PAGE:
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Using the acid concentration and chain length as a tuning strategy in the hot injection synthesis, an experimental and theoretical analysis

Sofie Abé (UGent) , Richard Capek (UGent) , Bram De Geyter (UGent) and Zeger Hens (UGent)
Author
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Abstract
In many hot injection syntheses for colloidal nanoparticles, size control is achieved by stopping the reaction during growth. This gives access to highly monodisperse samples of nanoparticles, but often implies a reduction of the synthesis yield. Here, we discuss how the concentration of excess carboxylic acid and the acid chain length affects the mean size of an ensemble of colloidal nanoparticles at the end of the reaction driven growth regime (postfocused diameter) and to what extent adjusting it can be used for size tuning. We show that for a particular CdSe quantum dot (QD) synthesis, an increase in this carboxylic acid concentration or decrease in the chain length leads to larger postfocused diameters of the QDs and vice versa while not having any effect on the formation rate of CdSe. Furthermore, we observed a decrease in the number of QDs that are formed with an increasing amount of acid or reduced acid chain length, indicating that the change in postfocused diameter originates from a distribution of the monomer over a different number of particles. These experimental results are compared to a comprehensive computational model of nucleation and growth we developed earlier1 and which shows good agreement with the abovementioned CdSe QD synthesis. We find that our observations can be explained theoretically by a variation of the solubility of the monomer as this directly affects the balance between nucleation and growth and therefore changes the amount of QDs that are formed during a hot injection synthesis. This interpretation helps in understanding literature results on other QD syntheses2-4 suggesting that our discussion goes beyond this particular CdSe synthesis. When considering size tuning, our experiments and examples in literature indicate that the postfocused size can be tuned by tuning the monomer solubility, however, the approach has limited use for reaction upscaling or automation. The important disadvantage is the increase in size dispersion for high carboxylic acid concentrations and short chain lengths, which is of such magnitude that the synthesized QDs are not useful for high end applications. This makes size tuning of the postfocused diameter by adjusting the acid concentration or chain length not a viable strategy, opposed to our previously reported tuning by the reaction rate1. references: 1. Abe, S.; Čapek, R. K.; De Geyter, B.; Hens, Z., Tuning the Postfocused Size of Colloidal Nanocrystals by the Reaction Rate: From Theory to Application, ACS Nano, 2012, 6 (1), 42–53. 2. Yu, W. W.; Peng, X. G., Formation of high-quality CdS and other II-VI semiconductor nanocrystals in noncoordinating solvents: Tunable reactivity of monomers. Angewandte Chemie-International Edition 2002, 41 (13), 2368-2371. 3. Bullen, C. R.; Mulvaney, P., Nucleation and growth kinetics of CdSe nanocrystals in octadecene. Nano Letters 2004, 4 (12), 2303-2307. 4. Owen, J. S.; Chan, E. M.; Liu, H.; Alivisatos, A. P., Precursor Conversion Kinetics and the Nucleation of Cadmium Selenide Nanocrystals. Journal of the American Chemical Society 2010, 132 (51), 18206-18213.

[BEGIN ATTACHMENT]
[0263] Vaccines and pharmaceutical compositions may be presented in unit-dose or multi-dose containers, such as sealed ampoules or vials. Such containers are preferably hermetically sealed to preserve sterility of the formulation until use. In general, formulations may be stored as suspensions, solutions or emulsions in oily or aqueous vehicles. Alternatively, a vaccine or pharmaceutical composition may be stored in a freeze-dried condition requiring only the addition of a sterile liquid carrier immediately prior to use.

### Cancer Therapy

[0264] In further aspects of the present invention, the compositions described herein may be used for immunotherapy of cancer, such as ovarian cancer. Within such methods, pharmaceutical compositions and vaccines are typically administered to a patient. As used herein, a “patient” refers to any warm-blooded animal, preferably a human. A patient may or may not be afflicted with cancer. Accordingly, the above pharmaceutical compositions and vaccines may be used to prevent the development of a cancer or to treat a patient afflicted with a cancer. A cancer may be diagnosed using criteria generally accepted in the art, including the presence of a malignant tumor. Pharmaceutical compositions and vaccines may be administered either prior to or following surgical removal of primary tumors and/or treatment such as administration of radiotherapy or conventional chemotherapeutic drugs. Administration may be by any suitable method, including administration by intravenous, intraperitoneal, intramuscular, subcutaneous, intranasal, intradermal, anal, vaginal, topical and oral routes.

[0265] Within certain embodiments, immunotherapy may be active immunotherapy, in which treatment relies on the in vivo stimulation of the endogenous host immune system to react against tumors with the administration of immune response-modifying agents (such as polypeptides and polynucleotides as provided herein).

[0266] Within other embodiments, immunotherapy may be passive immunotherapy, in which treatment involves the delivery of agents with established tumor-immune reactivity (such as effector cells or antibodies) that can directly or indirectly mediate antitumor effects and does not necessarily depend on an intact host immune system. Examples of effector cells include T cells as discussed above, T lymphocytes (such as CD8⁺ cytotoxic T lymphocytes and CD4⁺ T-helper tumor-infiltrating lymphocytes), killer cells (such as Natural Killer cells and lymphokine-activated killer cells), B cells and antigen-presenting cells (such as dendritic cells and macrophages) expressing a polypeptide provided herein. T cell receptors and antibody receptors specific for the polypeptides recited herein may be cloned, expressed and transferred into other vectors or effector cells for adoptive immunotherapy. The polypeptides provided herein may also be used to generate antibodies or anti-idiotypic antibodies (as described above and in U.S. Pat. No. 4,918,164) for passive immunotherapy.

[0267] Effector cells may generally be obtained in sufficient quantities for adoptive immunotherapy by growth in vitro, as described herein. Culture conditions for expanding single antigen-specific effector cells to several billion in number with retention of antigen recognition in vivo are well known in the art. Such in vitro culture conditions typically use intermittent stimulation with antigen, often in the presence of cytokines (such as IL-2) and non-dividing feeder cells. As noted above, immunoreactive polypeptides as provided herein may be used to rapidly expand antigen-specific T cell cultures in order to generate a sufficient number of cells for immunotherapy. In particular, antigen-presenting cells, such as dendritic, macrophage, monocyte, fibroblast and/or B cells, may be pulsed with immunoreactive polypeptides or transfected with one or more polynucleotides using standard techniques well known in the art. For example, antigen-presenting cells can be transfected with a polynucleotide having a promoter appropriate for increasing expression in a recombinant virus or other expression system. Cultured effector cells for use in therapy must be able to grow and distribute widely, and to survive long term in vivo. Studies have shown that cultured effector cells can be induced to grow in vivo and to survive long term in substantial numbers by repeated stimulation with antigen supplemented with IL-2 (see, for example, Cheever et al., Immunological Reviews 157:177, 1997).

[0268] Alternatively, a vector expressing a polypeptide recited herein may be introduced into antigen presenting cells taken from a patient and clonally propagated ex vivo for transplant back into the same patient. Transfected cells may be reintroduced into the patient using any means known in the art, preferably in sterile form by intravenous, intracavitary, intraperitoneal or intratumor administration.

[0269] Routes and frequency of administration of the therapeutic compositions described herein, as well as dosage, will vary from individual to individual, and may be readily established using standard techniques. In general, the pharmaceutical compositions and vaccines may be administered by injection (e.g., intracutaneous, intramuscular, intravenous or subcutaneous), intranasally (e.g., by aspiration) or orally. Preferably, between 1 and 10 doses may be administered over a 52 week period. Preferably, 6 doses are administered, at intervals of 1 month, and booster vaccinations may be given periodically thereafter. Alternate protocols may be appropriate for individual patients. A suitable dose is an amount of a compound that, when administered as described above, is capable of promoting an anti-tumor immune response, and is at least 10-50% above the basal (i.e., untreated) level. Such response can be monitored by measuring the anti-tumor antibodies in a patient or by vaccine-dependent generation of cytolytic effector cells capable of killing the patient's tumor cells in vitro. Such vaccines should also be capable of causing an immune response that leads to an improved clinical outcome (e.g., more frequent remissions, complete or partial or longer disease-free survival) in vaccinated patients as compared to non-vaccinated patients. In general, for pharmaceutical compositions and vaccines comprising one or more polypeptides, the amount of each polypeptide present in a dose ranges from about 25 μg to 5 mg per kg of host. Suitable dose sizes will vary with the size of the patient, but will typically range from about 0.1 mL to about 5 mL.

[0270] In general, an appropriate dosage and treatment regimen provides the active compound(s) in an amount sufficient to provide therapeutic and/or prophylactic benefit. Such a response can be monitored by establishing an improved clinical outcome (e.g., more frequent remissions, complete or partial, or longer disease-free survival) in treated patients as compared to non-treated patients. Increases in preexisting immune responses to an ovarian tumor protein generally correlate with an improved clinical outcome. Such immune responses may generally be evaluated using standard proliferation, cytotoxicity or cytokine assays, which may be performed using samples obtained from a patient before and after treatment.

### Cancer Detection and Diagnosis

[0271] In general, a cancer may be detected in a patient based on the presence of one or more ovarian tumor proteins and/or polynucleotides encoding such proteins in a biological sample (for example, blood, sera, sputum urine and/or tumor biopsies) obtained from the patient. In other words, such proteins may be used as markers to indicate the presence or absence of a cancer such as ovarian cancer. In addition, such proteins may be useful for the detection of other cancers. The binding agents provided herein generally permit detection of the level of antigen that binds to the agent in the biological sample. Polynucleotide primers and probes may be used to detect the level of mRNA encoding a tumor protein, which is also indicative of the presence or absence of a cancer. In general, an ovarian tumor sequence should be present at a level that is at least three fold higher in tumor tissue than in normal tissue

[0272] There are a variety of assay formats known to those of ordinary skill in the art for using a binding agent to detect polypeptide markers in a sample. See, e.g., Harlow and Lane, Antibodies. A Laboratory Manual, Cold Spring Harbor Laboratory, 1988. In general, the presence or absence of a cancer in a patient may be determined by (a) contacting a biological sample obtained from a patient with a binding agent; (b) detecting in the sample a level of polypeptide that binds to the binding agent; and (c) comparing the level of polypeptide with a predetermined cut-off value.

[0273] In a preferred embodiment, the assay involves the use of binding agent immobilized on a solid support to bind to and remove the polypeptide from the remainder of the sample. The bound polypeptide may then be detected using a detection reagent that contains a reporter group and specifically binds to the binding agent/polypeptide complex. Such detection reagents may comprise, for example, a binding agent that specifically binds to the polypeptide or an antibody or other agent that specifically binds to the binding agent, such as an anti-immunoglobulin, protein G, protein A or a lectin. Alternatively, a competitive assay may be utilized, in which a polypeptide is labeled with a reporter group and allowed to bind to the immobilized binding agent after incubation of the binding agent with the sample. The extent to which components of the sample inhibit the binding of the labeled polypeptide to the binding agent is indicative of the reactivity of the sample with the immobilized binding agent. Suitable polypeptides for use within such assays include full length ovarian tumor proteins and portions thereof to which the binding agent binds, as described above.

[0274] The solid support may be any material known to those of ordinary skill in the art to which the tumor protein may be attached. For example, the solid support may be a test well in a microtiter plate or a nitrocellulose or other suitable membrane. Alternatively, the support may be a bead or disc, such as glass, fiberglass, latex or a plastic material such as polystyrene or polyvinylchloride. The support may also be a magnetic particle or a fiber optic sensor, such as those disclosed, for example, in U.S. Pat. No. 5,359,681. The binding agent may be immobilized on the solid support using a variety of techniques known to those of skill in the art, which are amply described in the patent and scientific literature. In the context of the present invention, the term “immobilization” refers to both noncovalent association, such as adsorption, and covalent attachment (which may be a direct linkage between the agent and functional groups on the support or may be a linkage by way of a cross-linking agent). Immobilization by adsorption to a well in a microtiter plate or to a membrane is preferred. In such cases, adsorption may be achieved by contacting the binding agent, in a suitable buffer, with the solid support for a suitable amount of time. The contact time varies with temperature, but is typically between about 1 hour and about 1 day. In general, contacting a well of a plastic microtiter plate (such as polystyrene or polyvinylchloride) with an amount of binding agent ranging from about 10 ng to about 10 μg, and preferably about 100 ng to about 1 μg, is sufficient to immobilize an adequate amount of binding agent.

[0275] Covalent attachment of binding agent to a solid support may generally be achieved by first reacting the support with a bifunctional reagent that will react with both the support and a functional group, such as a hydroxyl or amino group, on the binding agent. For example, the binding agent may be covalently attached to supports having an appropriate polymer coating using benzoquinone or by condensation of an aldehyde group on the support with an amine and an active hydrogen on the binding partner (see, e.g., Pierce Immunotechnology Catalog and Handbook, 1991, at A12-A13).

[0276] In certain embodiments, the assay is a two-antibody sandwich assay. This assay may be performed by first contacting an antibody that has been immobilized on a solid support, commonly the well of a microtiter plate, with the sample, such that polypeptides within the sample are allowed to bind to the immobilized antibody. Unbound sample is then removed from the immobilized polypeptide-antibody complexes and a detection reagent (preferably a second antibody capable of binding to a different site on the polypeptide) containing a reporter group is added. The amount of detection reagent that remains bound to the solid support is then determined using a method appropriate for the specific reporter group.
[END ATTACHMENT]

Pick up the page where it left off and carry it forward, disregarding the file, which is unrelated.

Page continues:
Keywords
nanomaterials, colloids, reaction mechanism, quantum dots, kinetics

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Chicago
Abé, Sofie, Richard Capek, Bram De Geyter, and Zeger Hens. 2012. “Using the Acid Concentration and Chain Length as a Tuning Strategy in the Hot Injection Synthesis, an Experimental and Theoretical Analysis.” In NaNax 5, Abstracts.
APA
Abé, S., Capek, R., De Geyter, B., & Hens, Z. (2012). Using the acid concentration and chain length as a tuning strategy in the hot injection synthesis, an experimental and theoretical analysis. NaNax 5, Abstracts. Presented at the 5th Conference on Nanoscience with Nanocrystals (NaNax 5).